16. Hospital Demand Survey Greatest Expected Growth • RNs • Lab technicians • Physical therapists • Pharmacy technicians Hardest to Fill • Physical therapists • RNs* • Pharmacists • Certified Registered Nurse Anesthetists (CRNAs) * Newly graduated nurses; ADNs Source: Public Policy Associates, Inc., unpublished data, 2011.

  17. Long-Term Care Demand Survey Greatest Turnover • Certified nurses aids (CNA) • Licensed practical nurses (LPN) • RNs • Food services & housekeeping staff Hardest to Fill • RNs • LPNs • Directors of nursing • Long-term care administrators Source: Public Policy Associates, Inc., unpublished data, 2011.

  18. Demand: Support Occupations, by Region, 2010-2020 Source: EMSI, 2011.

  19. Supply: Community Colleges in Michigan Source: Michigan Community College NETwork, Workforce Development Agency, State of Michigan, 2012.

  20. Nursing Supply and Demand Supply Factors • Aging nursing workforce • Burnout and early retirement • Faculty shortages • Shortage of clinical sites in all areas • Applicants exceed nursing school seats Demand Factors • Insured population growth • Expanded Medicaid population • Growing need for nurses in primary-care and ambulatory-care settings

  21. Future Nursing Shortages Source: Coalition of Michigan Organizations of Nursing, 2005. Source: EMSI, 2011; Public Policy Associates, Inc., unpublished data, 2011.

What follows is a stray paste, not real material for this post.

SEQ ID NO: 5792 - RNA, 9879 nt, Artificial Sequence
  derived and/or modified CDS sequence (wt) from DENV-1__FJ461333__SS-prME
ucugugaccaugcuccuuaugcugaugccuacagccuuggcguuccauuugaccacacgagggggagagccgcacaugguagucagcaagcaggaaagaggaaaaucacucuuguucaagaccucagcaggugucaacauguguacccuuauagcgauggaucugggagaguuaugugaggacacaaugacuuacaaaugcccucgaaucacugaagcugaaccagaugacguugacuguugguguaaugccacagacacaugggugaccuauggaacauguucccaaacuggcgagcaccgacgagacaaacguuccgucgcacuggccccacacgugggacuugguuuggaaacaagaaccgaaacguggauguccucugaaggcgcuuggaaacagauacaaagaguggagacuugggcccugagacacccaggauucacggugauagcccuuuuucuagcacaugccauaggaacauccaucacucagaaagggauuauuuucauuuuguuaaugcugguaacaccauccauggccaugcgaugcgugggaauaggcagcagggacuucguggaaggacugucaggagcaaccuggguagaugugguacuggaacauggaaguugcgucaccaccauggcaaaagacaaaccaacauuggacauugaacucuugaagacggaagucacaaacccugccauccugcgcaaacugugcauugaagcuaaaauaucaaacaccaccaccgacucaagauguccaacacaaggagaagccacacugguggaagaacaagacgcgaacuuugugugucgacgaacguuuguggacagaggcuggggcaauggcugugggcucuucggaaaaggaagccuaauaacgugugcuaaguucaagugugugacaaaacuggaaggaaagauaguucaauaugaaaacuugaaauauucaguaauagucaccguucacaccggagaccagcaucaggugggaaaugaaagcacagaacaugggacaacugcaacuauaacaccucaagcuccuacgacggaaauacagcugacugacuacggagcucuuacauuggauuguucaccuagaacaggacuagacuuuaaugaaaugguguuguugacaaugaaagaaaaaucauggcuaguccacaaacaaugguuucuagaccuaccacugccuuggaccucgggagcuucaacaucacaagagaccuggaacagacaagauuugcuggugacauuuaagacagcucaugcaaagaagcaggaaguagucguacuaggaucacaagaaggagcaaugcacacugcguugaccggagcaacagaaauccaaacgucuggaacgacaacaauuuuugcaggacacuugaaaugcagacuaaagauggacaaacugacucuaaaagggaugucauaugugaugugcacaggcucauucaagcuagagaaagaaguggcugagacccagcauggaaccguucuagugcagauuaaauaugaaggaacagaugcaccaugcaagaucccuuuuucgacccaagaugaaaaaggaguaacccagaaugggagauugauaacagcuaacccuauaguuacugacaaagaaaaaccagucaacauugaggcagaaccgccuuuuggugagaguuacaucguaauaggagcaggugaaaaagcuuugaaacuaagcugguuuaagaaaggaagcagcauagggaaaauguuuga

22. Major Obstacle: Shortage of Nursing Faculty by Education Provided Source: National League for Nursing, 2012; Annual Survey of Schools of Nursing, 2011.

  23. HIT Impacts on the Health Care Workforce • Creates entirely new health care occupations • Practice workflow and information management redesign • Clinician/practitioner consultants • Implementation support specialists • Implementation managers • Technical/software support staff and trainers • Expands health care workforce

  24. HIT Impacts on the Health Care Workforce (continued) • Expands staff knowledge and skills • Requires new education and training resources • Facilitates evidence-based practice

  25. HITTraining in Michigan • Demand: • 50,000 nationwide • 2,000-3,000 in Michigan • EHR/EMR in hospitals and physician offices • Supply: HITECH Act and ACA fund training • Train up to 2,700 techs annually • Delta College • Lansing Community College • Macomb Community College • Wayne County Community College

  26. Diversity in Michigan’s Health Care Workforce Source: MDCH, Bureau of Health Professions, 2010. Source: Census of Population, 2010.

  27. Health Care Degrees Awarded to Michigan Minorities, 2009-2010 Source: U.S. Department of Education, IPEDS database, 2011.

  28. Diversity in RN Education Source: American Association of Colleges of Nursing, http://www.aacn.nche.edu/leading-initiatives/research-data/Enrollment-by-State.pdf.

  29. Conclusions Demand will grow at all levels • Professionals: MDs, DOs, RNs, NPs, PAs • Mid-level: Physical/occupational therapists; laboratory, imaging, and pharmacy techs • Entry level: Nursing assistants, home health aids, home help aids ----------------------------------------------------------------------------------------------------------------------------------------------------------------------------------------------------------------------- • Health Info. Tech.: All levels—from billers and coders to programmers and business analysts

  30. Issues We Need to Address • Nursing faculty shortages • Home health and home care workers • Low wages • High turnover • Inconsistent training • Health care workforce diversity • HIT growth • Growing opportunities for mid-level health care workers

  31. 119 Pere Marquette, Suite 1CLansing, MI 48912-1270(517) 485-4477Fax (517) 485-4488www.publicpolicy.com